B. Citizens for Voluntary Trade Comment
Citizens for Voluntary Trade ("CVT") is a nonprofit association that purportedly provides supporters of capitalism and individual rights an opportunity to participate in public policy discussions related to antitrust and government regulation of business. In its comment, CVT asserted that the Court should not require defendants to divest either Manitowoc's or Grove's boom truck business until after the United States demonstrates that defendants' combination actually will result in higher prices charged to purchasers of medium- and heavy-lift boom trucks. Even then, CVT contends, the Court should not order a divestiture since consumers can simply decide not to purchase boom trucks. In essence, CVT's argument is that the antitrust laws are an unnecessary (and perhaps unconstitutional) government infringement on defendants' (and consumers') contracting freedom, and in that context, the boom truck business divestiture ordered by the proposed Judgment is an unauthorized government "taking" of defendants' private property.
In response, the United States reminded CVT that the appropriate legal standard for assessing the proposed Judgment is whether its entry would be in the "public interest." To make that determination the Court, inter alia, must carefully review the relationship between the relief in the proposed Judgment and the allegations of the government's Complaint. Applying that standard, the Court's entry of the proposed Judgment surely would be "within the reaches" of the public interest ((United States v. Bechtel Corp., Inc., 648 F.2d 660, 666 (9th Cir.), cert. denied, 454 U.S. 1083 (1981)), for it would alleviate the serious competitive concerns regarding the proposal to combine two of the nation's three major boom truck producers by requiring defendants promptly to divest one of their boom truck businesses. To require the government to prove the allegations of its Complaint before the Court rules on the appropriateness of the parties' agreed-upon relief would effectively turn every government antitrust case into a full-blown trial on the merits of the parties' claims, and seriously undermine the effectiveness of antitrust enforcement by use of consent decrees.(1)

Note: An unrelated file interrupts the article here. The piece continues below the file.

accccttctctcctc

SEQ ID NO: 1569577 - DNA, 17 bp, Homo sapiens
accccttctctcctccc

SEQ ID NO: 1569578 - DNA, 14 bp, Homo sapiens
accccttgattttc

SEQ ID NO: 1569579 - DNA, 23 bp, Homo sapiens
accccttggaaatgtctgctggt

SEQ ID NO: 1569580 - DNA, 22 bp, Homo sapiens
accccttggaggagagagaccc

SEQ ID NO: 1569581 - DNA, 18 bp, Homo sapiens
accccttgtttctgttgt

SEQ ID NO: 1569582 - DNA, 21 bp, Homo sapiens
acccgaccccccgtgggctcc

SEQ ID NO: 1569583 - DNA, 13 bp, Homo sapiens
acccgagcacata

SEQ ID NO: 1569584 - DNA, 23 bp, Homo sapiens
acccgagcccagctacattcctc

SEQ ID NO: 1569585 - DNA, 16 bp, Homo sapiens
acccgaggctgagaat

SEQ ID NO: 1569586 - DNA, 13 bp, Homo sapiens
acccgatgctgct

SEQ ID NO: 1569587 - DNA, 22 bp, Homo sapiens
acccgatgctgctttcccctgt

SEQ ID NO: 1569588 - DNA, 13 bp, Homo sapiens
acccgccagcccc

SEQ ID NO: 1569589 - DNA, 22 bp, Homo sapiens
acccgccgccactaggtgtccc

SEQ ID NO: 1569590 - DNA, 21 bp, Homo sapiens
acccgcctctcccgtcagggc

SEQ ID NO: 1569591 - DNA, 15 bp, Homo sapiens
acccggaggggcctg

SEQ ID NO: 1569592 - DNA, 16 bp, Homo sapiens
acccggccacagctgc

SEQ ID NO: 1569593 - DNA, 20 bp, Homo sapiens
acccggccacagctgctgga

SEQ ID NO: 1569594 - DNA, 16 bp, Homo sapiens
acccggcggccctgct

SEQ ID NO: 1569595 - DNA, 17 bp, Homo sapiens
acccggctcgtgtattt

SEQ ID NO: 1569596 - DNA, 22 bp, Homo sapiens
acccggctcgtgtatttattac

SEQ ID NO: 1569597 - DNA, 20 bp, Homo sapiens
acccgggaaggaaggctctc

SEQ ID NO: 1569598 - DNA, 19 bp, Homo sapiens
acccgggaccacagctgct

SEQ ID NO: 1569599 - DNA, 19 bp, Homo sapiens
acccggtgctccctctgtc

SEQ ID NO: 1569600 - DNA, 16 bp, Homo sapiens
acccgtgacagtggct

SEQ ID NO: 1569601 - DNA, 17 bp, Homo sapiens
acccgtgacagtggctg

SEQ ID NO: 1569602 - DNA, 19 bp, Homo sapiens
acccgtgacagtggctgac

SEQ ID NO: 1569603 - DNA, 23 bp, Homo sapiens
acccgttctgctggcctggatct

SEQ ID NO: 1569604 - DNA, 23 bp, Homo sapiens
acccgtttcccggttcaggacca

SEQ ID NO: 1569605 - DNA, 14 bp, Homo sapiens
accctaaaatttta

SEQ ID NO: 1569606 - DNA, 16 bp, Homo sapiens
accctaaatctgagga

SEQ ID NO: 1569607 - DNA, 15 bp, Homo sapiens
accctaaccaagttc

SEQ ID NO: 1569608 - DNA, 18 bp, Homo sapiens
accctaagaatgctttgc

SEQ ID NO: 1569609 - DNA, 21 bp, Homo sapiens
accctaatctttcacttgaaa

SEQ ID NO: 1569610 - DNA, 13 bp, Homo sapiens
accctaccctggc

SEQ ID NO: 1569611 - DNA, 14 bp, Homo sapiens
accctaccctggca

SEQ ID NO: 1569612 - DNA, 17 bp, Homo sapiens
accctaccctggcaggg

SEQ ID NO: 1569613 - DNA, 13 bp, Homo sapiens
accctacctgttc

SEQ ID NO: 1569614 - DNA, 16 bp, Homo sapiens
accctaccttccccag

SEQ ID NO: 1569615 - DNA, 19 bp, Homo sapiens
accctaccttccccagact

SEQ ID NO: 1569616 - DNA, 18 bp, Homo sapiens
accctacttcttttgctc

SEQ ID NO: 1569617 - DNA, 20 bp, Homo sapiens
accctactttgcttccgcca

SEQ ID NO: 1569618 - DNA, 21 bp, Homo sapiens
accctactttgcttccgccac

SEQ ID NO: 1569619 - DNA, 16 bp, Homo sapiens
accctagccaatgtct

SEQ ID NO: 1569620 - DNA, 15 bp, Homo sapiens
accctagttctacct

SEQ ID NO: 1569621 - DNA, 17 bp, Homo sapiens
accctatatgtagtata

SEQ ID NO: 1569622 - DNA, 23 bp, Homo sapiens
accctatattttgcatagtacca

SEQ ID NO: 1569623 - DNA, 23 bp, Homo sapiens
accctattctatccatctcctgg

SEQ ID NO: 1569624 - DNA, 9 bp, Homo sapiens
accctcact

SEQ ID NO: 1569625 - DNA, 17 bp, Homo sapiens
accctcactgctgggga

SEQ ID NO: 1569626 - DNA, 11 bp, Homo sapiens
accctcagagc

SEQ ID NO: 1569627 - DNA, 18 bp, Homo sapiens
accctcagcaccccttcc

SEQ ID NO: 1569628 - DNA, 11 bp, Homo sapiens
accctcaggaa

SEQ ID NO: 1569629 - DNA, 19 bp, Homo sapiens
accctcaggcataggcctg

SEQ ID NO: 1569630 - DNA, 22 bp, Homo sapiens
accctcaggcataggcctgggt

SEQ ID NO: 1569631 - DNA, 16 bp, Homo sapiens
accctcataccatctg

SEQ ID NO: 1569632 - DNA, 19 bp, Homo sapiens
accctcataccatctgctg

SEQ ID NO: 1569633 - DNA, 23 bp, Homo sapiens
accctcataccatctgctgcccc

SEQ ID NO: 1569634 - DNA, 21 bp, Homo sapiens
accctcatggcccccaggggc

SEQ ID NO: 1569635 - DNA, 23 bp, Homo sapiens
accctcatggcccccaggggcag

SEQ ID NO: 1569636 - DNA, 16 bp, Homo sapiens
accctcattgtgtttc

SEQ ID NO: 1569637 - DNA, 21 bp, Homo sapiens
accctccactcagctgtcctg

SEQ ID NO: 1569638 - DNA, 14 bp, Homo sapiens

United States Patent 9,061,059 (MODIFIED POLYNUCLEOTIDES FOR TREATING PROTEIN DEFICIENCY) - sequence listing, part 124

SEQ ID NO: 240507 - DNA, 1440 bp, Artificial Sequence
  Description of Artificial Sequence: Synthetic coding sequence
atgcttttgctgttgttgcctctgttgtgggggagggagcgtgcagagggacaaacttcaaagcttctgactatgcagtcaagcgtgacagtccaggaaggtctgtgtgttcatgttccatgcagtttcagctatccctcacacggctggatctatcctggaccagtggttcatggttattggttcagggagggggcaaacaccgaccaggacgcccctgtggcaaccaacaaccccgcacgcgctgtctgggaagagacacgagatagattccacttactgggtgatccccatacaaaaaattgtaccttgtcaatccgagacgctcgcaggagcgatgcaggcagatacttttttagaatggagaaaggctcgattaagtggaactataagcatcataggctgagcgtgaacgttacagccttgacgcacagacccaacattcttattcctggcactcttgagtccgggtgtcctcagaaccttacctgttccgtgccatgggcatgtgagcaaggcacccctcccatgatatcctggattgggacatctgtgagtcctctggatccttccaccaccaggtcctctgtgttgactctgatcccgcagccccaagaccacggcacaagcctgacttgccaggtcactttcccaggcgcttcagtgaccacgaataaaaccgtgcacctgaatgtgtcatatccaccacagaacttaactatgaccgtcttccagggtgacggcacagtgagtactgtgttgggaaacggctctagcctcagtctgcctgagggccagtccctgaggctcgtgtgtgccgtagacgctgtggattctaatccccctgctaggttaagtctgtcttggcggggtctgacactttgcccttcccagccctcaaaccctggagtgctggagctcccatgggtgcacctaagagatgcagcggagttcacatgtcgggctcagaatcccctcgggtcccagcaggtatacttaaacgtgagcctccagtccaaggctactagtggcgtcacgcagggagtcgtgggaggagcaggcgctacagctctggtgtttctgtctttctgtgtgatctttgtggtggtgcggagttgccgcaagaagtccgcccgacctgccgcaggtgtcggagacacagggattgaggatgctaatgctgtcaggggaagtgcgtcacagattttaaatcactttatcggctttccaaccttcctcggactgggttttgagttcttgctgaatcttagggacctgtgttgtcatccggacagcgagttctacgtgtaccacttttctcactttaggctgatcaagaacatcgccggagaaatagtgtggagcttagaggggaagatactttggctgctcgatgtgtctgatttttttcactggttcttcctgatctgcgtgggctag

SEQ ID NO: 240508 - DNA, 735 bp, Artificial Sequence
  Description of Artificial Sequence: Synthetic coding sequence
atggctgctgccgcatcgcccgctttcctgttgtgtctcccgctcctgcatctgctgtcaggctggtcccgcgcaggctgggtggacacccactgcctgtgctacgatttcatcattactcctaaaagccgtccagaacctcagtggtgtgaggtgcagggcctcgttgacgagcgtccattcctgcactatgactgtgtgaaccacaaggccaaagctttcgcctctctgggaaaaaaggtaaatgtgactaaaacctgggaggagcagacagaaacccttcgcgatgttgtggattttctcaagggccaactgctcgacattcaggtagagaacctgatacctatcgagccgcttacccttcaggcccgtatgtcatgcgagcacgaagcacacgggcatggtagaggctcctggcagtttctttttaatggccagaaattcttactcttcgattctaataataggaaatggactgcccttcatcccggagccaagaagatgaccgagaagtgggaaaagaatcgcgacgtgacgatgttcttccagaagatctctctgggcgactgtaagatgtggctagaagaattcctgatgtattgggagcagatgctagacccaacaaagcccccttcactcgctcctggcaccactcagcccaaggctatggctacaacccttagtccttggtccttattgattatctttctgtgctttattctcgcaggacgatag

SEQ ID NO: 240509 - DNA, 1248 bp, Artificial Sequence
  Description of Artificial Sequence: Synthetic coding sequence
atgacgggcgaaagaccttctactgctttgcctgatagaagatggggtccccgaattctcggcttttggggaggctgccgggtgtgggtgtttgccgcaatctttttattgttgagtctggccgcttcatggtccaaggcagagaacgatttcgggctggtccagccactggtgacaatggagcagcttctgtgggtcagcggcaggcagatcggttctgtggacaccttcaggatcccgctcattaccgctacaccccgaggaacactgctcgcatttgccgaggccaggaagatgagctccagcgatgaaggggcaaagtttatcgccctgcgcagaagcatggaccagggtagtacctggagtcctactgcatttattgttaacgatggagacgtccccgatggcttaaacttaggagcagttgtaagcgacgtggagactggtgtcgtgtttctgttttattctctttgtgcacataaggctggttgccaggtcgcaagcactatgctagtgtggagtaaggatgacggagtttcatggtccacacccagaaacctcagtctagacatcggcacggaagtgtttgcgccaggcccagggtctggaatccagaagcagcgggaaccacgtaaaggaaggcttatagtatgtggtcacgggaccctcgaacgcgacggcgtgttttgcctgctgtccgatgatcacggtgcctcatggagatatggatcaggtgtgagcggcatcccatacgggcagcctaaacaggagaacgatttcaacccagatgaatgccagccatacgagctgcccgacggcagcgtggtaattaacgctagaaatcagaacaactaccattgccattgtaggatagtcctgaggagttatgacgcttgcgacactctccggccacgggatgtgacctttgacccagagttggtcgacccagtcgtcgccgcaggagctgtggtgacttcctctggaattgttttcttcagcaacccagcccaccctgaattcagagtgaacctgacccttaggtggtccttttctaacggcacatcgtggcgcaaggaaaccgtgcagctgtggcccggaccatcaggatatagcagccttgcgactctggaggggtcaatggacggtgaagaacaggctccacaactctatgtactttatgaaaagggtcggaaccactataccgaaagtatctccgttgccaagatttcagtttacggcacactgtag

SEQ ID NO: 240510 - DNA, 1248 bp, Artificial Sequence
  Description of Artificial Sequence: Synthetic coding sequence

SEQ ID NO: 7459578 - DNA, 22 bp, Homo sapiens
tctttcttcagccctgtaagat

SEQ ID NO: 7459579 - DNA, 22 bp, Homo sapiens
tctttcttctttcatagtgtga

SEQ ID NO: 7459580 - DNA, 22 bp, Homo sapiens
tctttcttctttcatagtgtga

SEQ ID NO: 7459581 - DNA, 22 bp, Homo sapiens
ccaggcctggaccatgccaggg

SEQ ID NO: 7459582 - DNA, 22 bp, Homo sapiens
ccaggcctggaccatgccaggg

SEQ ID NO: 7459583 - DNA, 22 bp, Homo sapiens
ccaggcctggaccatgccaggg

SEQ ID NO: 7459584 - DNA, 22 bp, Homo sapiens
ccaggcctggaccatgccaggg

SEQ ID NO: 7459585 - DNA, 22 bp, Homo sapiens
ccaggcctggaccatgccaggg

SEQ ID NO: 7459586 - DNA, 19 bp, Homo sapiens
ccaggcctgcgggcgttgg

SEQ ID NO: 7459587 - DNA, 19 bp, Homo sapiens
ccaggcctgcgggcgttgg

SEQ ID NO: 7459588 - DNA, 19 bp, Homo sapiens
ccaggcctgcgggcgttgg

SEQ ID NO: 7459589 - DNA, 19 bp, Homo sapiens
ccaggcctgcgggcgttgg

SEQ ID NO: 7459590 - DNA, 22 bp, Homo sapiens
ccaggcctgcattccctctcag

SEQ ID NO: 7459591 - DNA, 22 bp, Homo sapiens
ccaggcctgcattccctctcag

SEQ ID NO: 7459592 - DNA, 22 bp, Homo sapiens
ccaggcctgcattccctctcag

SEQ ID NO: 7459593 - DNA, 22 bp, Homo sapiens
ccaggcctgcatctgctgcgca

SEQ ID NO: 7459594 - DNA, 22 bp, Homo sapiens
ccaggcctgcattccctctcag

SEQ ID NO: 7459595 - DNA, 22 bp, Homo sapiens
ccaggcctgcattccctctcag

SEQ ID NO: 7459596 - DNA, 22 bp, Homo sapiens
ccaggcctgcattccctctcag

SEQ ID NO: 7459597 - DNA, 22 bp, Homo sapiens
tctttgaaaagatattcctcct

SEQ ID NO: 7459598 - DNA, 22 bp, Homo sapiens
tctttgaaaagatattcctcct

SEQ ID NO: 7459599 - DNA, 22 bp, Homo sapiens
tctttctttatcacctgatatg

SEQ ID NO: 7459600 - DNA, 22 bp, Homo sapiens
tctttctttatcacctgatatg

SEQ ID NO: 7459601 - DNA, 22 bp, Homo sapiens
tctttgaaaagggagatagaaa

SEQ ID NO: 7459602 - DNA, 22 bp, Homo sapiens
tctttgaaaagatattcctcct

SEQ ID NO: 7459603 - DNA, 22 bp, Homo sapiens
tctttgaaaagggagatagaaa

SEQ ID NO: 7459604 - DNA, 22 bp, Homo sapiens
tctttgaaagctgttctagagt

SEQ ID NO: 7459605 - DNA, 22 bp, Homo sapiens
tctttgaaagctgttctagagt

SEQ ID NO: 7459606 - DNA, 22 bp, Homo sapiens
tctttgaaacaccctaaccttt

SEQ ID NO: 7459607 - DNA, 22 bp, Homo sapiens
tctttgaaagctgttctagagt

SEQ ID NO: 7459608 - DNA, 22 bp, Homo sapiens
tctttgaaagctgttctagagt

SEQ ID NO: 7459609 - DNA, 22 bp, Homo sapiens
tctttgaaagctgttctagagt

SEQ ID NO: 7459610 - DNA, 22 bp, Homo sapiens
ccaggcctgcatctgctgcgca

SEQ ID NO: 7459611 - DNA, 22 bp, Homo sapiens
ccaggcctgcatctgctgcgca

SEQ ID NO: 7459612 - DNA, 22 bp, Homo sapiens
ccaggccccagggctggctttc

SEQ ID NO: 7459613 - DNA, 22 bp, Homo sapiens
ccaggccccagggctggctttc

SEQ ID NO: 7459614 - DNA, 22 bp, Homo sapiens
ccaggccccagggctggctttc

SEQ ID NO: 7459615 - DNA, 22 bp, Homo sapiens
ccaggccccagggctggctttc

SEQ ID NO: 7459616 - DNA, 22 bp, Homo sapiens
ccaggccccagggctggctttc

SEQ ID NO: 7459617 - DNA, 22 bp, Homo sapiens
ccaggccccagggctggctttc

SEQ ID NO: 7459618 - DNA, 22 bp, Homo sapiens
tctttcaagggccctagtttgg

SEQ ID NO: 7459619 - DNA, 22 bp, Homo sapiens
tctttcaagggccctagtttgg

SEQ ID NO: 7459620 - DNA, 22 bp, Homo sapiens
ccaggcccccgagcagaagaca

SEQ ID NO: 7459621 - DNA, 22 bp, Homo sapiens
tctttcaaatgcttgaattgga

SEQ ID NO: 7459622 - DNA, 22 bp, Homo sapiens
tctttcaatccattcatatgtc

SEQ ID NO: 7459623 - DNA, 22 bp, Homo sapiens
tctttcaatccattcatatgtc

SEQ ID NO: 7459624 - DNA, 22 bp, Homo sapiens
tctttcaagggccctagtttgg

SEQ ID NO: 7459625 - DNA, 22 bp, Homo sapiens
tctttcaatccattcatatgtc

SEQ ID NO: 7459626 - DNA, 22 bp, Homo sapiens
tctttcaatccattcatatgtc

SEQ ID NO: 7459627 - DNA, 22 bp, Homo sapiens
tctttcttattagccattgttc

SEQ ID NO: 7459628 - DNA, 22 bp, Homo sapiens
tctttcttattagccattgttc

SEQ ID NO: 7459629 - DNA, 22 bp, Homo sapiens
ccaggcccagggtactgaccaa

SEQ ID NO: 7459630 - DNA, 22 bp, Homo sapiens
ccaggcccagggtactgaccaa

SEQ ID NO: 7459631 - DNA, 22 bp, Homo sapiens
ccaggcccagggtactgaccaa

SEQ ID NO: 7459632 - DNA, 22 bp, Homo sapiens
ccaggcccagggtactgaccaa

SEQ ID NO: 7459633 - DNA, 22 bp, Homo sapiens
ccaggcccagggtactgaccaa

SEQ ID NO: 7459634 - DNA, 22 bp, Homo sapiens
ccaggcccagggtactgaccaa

As to CVT's suggestions that the antitrust laws constitute an unconstitutional infringement upon freedom to contract and the ordered divestiture is an unauthorized "taking" of property, the Supreme Court has consistently held, in a line of cases stretching as far back as Standard Oil, that it is not the antitrust laws that impair individual freedom to contract, but private agreements or acts that unduly diminish competition and tend to raise prices to consumers. By purging our nation's economy of such private restraints on competition, the antitrust laws protect and enhance, not undermine, individual freedoms, and these laws do not otherwise contravene the Constitution. See United States v. Standard Oil Co., 221 U.S. 1, 52-70, esp. 58, 68-70 (1911). See also United States v. E.I. du Pont de Nemours & Co., 366 U.S. 316, 327 (1961) ("If the Court concludes that other measures will not be effective to redress a violation, and that complete divestiture is a necessary element of effective relief, the Government cannot be denied the latter remedy because economic hardship, however severe, may result.... This proposition is not novel; it is deeply rooted in antitrust law and has never been successfully challenged.")